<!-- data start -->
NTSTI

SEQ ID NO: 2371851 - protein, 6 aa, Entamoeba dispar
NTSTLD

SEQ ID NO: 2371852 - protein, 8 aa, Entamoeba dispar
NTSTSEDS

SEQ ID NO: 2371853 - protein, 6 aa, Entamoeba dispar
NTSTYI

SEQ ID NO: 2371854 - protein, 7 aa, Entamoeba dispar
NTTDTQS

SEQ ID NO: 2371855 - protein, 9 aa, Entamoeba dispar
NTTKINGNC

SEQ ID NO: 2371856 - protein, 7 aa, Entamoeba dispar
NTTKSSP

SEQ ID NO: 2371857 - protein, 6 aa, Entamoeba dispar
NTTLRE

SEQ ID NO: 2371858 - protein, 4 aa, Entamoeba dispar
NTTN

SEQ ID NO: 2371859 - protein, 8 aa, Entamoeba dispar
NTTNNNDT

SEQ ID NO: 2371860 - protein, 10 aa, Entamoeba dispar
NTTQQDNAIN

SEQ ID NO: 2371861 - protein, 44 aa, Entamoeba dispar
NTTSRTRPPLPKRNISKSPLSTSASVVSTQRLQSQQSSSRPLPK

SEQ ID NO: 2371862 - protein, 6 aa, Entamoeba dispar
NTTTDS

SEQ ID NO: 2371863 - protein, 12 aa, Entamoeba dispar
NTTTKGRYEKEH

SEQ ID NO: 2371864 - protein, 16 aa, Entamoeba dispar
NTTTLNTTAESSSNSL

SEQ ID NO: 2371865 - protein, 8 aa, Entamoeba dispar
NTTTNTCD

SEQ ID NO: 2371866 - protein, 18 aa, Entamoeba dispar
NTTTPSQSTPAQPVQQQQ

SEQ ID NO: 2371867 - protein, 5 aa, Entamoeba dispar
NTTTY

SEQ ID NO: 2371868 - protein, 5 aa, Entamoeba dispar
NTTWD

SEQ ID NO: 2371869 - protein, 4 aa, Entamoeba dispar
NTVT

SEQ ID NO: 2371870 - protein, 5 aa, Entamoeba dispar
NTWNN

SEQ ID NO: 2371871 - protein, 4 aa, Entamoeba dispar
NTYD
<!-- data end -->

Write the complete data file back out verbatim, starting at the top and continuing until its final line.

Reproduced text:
NTSTI

SEQ ID NO: 2371851 - protein, 6 aa, Entamoeba dispar
NTSTLD

SEQ ID NO: 2371852 - protein, 8 aa, Entamoeba dispar
NTSTSEDS

SEQ ID NO: 2371853 - protein, 6 aa, Entamoeba dispar
NTSTYI

SEQ ID NO: 2371854 - protein, 7 aa, Entamoeba dispar
NTTDTQS

SEQ ID NO: 2371855 - protein, 9 aa, Entamoeba dispar
NTTKINGNC

SEQ ID NO: 2371856 - protein, 7 aa, Entamoeba dispar
NTTKSSP

SEQ ID NO: 2371857 - protein, 6 aa, Entamoeba dispar
NTTLRE

SEQ ID NO: 2371858 - protein, 4 aa, Entamoeba dispar
NTTN

SEQ ID NO: 2371859 - protein, 8 aa, Entamoeba dispar
NTTNNNDT

SEQ ID NO: 2371860 - protein, 10 aa, Entamoeba dispar
NTTQQDNAIN

SEQ ID NO: 2371861 - protein, 44 aa, Entamoeba dispar
NTTSRTRPPLPKRNISKSPLSTSASVVSTQRLQSQQSSSRPLPK

SEQ ID NO: 2371862 - protein, 6 aa, Entamoeba dispar
NTTTDS

SEQ ID NO: 2371863 - protein, 12 aa, Entamoeba dispar
NTTTKGRYEKEH

SEQ ID NO: 2371864 - protein, 16 aa, Entamoeba dispar
NTTTLNTTAESSSNSL

SEQ ID NO: 2371865 - protein, 8 aa, Entamoeba dispar
NTTTNTCD

SEQ ID NO: 2371866 - protein, 18 aa, Entamoeba dispar
NTTTPSQSTPAQPVQQQQ

SEQ ID NO: 2371867 - protein, 5 aa, Entamoeba dispar
NTTTY

SEQ ID NO: 2371868 - protein, 5 aa, Entamoeba dispar
NTTWD

SEQ ID NO: 2371869 - protein, 4 aa, Entamoeba dispar
NTVT

SEQ ID NO: 2371870 - protein, 5 aa, Entamoeba dispar
NTWNN

SEQ ID NO: 2371871 - protein, 4 aa, Entamoeba dispar
NTYD